There are three types of tax debt that may be addressed in a divorce: tax debt that was paid off during the marriage, tax debt existing at the time of divorce, and tax debt that may exist in the future. Let’s examine each of those types of divorce-related tax debt one by one.
For tax liabilities in existence at the time of divorce, the court is called on to determine whether the liability is separate or marital in nature.
The issue of tax debt paid off during the marriage might come up where the tax debt itself was a separate debt of one of the spouses, from prior to the marriage or related to a separate asset of that spouse. Perhaps the spouse came into the marriage with a tax liability, or perhaps they owned land prior to the marriage that they sold and owed taxes on during the marriage.
In either case, where a separate tax debt was paid off during the marriage, it could have been paid off in three ways: from the separate property of the debtor spouse, from the separate property of the non-debtor spouse, or from marital property (or income). In the latter two cases, the non-debtor spouse may want a credit back for his or her share of marital property—or for his or her separate property—that was used to pay off the other spouse’s separate (pre-marital) tax liability.
Another type of debt paid off during the marriage that may raise issues in a divorce is where a marital tax debt was paid off with one spouse’s separate property. Say that at the end of the calendar year, the spouses owed taxes on their income that they didn’t have the funds to pay. One spouse pulled from a separate (pre-marital) savings account to pay off the marital tax liability. In that situation, as well, the spouse who used his or her separate property to pay off a marital debt may be looking for compensation.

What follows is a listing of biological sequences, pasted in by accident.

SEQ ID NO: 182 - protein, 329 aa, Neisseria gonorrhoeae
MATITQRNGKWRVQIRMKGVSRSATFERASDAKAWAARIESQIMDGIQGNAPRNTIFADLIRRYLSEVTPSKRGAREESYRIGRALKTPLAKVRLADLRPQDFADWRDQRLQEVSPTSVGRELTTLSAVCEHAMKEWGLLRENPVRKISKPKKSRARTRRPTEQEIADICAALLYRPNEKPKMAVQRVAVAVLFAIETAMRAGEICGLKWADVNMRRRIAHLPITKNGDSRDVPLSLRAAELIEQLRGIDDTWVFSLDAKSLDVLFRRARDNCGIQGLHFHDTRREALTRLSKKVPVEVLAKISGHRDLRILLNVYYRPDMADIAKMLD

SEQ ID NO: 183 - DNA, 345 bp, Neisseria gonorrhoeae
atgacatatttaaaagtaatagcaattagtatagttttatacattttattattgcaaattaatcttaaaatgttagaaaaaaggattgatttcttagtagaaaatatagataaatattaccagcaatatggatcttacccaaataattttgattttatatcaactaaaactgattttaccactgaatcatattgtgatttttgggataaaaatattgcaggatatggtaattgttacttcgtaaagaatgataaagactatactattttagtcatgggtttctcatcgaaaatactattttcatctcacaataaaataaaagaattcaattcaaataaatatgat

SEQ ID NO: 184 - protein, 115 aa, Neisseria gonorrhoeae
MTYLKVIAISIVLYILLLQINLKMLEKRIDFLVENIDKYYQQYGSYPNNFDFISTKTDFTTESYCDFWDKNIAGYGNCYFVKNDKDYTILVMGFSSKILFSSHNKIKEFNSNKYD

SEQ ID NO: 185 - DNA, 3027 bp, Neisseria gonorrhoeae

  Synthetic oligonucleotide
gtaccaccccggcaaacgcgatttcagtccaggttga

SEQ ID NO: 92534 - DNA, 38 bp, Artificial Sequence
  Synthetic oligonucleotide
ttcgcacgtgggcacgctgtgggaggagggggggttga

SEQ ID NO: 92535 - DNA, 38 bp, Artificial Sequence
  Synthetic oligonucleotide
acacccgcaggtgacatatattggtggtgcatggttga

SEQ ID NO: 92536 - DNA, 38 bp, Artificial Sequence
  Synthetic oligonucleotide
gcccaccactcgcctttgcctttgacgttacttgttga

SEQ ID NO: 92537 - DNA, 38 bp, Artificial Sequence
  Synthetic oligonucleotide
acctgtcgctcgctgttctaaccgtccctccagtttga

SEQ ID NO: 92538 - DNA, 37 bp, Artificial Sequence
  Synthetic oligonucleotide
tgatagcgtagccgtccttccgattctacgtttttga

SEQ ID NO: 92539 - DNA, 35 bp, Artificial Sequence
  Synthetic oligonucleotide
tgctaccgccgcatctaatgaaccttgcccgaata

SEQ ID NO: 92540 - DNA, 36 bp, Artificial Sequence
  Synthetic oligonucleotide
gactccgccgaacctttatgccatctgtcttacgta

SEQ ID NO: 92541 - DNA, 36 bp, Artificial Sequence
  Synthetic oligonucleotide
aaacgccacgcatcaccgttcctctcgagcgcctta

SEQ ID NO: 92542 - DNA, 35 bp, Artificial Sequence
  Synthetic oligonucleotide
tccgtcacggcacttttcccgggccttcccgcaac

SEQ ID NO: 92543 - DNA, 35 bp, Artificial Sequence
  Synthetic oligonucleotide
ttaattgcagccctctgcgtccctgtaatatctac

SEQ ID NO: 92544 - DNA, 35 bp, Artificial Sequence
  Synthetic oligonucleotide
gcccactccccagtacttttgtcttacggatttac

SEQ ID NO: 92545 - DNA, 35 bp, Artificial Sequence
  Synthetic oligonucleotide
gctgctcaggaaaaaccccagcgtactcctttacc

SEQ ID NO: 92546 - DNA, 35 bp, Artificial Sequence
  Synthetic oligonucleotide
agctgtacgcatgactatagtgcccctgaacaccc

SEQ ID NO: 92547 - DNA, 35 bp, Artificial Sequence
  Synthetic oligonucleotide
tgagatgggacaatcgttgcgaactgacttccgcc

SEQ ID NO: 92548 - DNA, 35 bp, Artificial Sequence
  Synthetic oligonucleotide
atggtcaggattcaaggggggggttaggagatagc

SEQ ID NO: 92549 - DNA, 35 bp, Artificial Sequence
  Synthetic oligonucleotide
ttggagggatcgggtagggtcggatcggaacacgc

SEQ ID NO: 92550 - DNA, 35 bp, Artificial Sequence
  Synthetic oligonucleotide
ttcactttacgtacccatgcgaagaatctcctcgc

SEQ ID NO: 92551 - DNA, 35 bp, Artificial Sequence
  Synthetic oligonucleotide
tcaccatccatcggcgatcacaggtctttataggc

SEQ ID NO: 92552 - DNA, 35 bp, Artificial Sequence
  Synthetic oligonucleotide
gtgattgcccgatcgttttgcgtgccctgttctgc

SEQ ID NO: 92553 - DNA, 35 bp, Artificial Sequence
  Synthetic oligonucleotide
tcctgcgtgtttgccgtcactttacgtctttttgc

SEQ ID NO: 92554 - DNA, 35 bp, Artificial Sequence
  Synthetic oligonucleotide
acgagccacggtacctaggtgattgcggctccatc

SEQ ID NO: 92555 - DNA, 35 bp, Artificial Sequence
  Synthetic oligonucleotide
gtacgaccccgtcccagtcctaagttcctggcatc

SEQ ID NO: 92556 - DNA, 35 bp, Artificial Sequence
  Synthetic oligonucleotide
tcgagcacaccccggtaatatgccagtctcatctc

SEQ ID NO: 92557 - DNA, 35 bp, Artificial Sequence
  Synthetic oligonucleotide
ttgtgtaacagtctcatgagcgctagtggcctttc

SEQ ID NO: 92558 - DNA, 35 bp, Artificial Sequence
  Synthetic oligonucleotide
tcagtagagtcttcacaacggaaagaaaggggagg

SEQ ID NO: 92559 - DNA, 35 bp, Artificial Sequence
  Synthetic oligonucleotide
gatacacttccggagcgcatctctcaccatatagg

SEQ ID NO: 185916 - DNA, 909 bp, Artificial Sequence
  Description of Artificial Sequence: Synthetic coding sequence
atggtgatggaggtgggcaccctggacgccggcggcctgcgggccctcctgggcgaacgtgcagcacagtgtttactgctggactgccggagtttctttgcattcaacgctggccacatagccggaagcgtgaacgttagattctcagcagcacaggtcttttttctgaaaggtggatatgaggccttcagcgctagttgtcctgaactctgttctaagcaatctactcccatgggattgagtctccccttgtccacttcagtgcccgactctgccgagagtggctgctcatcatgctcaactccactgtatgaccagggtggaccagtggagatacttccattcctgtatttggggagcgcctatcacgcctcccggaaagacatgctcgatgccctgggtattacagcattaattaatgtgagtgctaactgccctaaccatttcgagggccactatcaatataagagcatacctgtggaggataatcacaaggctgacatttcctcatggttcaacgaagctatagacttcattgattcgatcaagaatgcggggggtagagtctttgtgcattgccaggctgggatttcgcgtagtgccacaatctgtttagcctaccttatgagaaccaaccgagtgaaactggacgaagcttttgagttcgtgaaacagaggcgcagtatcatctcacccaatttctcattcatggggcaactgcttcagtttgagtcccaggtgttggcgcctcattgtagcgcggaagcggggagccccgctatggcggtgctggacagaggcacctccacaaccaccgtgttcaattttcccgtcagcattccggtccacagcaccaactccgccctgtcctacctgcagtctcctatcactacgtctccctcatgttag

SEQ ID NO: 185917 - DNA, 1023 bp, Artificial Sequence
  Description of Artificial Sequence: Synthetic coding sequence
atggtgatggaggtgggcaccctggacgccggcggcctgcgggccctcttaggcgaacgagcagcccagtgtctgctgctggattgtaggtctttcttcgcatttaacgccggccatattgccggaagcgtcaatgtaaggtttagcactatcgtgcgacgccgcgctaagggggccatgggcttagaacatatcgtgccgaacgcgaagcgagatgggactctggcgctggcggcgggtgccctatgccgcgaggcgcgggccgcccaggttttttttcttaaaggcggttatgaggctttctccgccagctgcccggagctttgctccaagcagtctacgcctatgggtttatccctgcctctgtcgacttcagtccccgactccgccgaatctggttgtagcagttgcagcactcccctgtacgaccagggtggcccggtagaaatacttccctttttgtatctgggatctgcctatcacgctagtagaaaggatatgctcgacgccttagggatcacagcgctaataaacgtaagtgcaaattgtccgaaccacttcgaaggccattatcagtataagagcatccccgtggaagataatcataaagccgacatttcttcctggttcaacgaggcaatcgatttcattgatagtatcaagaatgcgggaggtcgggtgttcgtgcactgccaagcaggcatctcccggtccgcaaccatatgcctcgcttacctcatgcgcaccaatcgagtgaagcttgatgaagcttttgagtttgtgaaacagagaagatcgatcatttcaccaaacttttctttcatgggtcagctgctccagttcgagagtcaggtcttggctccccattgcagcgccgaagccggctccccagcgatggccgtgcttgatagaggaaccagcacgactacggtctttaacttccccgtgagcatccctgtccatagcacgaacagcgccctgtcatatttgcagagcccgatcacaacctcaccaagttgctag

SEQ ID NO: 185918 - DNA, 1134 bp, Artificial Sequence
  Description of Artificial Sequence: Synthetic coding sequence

As with student loans, spouses looking for compensation or recoupment of debts paid during the marriage are best served by explaining the unique facts of their situation to an attorney. Whether recoupment is possible is a highly contextual and fact-specific inquiry.
For tax liabilities in existence at the time of divorce, the court is called on to determine whether the liability is separate or marital in nature. Separate tax liabilities are typically those that were either incurred prior to the marriage, or that arose out of the separate property of one of the spouses. (As offered above, an example would be the spouse who owned land prior to the marriage [separate property], sold the land during the marriage, kept all sale proceeds in a separate account that was not used for marital benefit, and owed capital gains tax on the sale. That tax liability would most likely be deemed the separate debt of the land-owning spouse.)
Marital tax liabilities are divided equitably between the spouses. Equitably does not mean equally, but equal division is certainly the most common way to divide marital debt.
We often anticipate and speak to potential future tax liabilities in a negotiated divorce settlement. Specifically, we address how responsibility for a future tax liability (related to tax returns filed during the couple’s marriage) would be distributed between the spouses. Similarly, we address how a tax refund would be distributed between spouses. Some couples choose to share any potential tax liabilities or refunds equally, while others choose to assign responsibility pro rata, based on each person’s income for the tax year in question. Where one spouse earns substantially more than the other spouse, they may commit to 100% responsibility for any future liabilities (and entitlement to future refunds). Most often, the percentages of responsibility for tax liabilities will mirror the percentages of entitlement to tax refunds.
Liabilities arising out of one spouse’s tax fraud are their own unique brand of liability to be addressed in divorce. Where one spouse was clearly a bad actor, their actions are likely to impact the court’s assessment of what distribution seems equitable (fair) between the couple. However, many couples have a shared awareness of and complicity in not fully reporting their income. If you have or anticipate having a tax liability arising out of tax fraud (e.g., under-reporting of income), speak to a matrimonial (and tax!) attorney about your situation as soon as possible.